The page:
“At the Gates of the House of the Mother of Waters” is a play about soldiers. Ochoa is a U.S. Army scientist, a water expert assigned to assess the environmental health of each new area the unit moves into. Loughlin commands the unit. Stenson is another soldier in the unit, one who doesn’t much like Ochoa.
Originally, all three characters were female.
Before I sent the script along its merry way to Little Black Dress INK, I asked for feedback from a few people whose opinions I trust. They all had different comments, but they all said one thing: “I’m not sure how believable it is, them all being women.”
I’m not sure how believable it is. These trusted readers are science fiction/fantasy writers who have written, variously, about vampires, teenage girls discovering they have magical powers, and terraforming Mars. Yet they couldn’t wrap their heads around an all-woman play about the military.
Never mind the play is inspired by a story about an all-woman unit. Never mind that my army brat buddy explained to me that U.S. combat units are sex-segregated, so it’s actually less plausible for a female captain to be commanding a male soldier or vice versa.
They just weren’t sure how believable it was.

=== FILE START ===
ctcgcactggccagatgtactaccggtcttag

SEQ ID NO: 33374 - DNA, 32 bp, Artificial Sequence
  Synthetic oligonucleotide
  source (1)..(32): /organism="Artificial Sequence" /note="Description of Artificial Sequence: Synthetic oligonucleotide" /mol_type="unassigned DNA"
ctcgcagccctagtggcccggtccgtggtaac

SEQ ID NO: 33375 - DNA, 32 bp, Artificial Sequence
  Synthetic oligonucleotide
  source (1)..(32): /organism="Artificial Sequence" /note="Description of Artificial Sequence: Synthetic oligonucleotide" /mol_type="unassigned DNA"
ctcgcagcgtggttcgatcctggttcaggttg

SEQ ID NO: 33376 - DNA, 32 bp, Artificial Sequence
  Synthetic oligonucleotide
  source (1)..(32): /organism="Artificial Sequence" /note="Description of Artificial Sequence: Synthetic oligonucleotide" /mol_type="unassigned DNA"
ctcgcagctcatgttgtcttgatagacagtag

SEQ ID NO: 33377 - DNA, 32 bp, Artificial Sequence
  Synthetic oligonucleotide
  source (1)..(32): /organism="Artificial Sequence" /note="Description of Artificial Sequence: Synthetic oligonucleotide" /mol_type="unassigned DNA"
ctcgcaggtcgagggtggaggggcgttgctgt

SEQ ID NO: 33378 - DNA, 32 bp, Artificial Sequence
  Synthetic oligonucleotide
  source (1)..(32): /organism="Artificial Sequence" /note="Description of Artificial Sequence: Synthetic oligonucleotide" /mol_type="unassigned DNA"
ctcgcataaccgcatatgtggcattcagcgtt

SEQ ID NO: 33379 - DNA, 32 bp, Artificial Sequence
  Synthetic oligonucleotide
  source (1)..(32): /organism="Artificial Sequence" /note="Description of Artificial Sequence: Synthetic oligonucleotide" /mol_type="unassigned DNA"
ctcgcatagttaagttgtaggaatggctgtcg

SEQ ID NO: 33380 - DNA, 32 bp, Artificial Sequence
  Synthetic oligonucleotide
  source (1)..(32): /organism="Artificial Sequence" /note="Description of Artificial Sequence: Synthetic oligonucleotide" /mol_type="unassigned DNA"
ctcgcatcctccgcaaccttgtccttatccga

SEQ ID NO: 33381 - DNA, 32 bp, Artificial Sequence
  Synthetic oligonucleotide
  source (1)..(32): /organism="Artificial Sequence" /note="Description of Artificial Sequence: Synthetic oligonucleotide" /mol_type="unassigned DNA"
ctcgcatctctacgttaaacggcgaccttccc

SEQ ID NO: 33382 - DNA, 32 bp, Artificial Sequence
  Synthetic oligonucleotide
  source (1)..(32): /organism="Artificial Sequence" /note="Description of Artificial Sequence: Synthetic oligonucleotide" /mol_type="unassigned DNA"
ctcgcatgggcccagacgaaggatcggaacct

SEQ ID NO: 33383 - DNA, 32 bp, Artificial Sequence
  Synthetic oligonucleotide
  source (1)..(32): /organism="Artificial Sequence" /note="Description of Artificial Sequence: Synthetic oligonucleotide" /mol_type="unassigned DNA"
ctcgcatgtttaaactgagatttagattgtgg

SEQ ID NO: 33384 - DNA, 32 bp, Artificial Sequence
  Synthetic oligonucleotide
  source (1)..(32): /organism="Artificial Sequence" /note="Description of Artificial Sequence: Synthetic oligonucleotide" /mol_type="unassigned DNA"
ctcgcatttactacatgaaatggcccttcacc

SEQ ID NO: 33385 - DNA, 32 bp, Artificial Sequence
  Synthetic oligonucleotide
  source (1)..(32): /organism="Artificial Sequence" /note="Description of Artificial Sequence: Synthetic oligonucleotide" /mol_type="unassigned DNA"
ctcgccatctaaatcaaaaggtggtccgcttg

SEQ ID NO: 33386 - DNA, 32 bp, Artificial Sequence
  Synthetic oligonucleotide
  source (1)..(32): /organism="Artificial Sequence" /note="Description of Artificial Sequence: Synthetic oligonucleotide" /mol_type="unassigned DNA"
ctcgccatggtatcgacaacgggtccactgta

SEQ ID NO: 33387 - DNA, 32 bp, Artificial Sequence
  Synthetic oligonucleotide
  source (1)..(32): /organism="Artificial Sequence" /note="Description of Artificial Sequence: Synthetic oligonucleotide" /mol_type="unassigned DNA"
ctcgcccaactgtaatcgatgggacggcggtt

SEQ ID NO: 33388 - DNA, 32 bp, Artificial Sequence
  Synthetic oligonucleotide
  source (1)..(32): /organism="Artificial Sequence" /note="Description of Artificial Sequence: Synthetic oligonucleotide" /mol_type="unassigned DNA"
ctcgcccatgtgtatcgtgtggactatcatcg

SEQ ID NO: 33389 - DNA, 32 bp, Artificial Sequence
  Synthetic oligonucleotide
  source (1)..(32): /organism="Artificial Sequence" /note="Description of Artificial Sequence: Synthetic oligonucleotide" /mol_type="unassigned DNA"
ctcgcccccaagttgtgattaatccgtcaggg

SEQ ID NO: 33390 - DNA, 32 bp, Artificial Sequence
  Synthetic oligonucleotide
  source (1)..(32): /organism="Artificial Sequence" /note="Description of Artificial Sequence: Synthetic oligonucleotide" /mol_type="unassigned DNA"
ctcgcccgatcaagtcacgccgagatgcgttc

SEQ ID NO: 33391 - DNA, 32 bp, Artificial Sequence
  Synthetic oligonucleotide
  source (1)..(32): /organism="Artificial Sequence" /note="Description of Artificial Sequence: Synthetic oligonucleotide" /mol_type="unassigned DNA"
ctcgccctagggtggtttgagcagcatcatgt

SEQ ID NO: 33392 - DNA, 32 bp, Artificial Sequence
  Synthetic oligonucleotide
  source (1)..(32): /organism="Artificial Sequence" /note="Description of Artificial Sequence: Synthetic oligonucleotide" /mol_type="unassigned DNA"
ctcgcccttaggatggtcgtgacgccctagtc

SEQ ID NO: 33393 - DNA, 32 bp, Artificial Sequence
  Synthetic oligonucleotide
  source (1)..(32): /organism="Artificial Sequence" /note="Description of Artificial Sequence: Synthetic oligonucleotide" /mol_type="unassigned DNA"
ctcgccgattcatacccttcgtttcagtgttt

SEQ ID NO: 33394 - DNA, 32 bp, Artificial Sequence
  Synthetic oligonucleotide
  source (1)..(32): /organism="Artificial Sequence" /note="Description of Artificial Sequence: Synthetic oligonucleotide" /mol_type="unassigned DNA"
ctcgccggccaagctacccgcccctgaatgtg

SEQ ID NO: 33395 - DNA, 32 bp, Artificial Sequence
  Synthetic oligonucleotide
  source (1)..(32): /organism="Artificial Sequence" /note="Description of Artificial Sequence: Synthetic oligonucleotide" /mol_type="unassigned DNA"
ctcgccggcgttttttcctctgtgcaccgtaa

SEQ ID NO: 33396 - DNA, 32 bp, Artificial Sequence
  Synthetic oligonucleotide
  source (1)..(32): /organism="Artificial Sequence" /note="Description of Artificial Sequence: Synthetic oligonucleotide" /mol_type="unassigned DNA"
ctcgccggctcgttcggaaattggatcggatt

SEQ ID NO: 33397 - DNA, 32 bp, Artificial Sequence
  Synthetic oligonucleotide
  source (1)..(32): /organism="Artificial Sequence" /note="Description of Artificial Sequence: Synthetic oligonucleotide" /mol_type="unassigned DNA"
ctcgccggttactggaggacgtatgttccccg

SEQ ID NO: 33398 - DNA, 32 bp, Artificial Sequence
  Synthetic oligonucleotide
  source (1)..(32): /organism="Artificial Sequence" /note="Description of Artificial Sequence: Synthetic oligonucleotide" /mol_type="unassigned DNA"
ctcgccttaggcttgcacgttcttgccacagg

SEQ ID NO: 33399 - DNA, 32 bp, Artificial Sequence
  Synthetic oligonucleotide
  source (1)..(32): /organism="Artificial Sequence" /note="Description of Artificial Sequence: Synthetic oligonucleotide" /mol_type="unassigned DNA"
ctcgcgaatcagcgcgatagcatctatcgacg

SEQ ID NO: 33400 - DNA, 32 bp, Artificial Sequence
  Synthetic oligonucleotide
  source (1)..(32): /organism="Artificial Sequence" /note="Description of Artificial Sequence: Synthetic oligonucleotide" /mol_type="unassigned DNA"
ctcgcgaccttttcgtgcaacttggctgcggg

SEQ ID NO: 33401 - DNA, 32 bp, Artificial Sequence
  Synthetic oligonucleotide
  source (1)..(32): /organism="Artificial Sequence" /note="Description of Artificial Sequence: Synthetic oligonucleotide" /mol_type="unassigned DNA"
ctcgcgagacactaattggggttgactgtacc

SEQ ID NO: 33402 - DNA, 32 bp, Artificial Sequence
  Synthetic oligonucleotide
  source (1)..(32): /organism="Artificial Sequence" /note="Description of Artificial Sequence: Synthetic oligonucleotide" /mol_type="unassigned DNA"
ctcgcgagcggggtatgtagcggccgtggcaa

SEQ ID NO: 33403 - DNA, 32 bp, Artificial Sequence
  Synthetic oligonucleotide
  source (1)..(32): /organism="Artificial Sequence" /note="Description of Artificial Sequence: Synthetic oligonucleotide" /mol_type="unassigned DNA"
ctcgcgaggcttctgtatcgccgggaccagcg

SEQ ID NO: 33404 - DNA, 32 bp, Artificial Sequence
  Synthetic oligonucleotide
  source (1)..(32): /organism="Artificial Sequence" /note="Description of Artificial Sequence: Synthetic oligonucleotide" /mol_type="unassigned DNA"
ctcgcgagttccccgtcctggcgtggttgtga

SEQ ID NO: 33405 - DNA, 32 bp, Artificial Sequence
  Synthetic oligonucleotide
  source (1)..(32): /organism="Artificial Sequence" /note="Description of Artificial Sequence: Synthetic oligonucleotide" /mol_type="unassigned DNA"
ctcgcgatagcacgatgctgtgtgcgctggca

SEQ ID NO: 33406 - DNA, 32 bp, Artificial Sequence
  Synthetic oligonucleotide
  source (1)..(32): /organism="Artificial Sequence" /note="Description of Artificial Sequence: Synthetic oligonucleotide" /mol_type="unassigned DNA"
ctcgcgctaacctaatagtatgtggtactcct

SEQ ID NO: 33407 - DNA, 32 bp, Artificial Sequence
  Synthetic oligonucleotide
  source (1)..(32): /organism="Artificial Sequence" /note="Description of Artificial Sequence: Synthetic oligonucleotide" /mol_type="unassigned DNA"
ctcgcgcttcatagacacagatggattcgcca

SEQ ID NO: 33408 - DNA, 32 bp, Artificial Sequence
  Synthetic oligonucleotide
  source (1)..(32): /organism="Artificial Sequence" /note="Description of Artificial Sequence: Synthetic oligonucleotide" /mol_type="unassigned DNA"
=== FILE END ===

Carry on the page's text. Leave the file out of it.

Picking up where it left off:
I initially resisted making the change. This year’s theme is “outside the lines,” after all—what’s more outside the lines than a scenario that even the most imaginative audience can’t believe? But with everyone mentioning it as a sticking point, I started to worry that this one frankly ridiculous detail would distract people from the piece’s more important messages about religious tolerance and water health. I made Stenson male. I didn’t change anything about the character, just switched an “F” to an “M” in the character descriptions and flipped the pronouns the other characters use to refer to him.
I sent the script to a few more people. No one said anything about the characters’ sexes.
I don’t regret making the change. Listening to the talented actors who read the script at the Minneapolis semifinalists reading, I got my best sense yet of who these characters are, and I like who Stenson is as a cranky jerk of a guy. It maybe even adds another layer of conflict—sexism piled on top of religious discrimination piled on top of military command structure conflict. It’s still more than a little sad to me that we still struggle so much with hearing women’s stories when there are no male voices in the telling.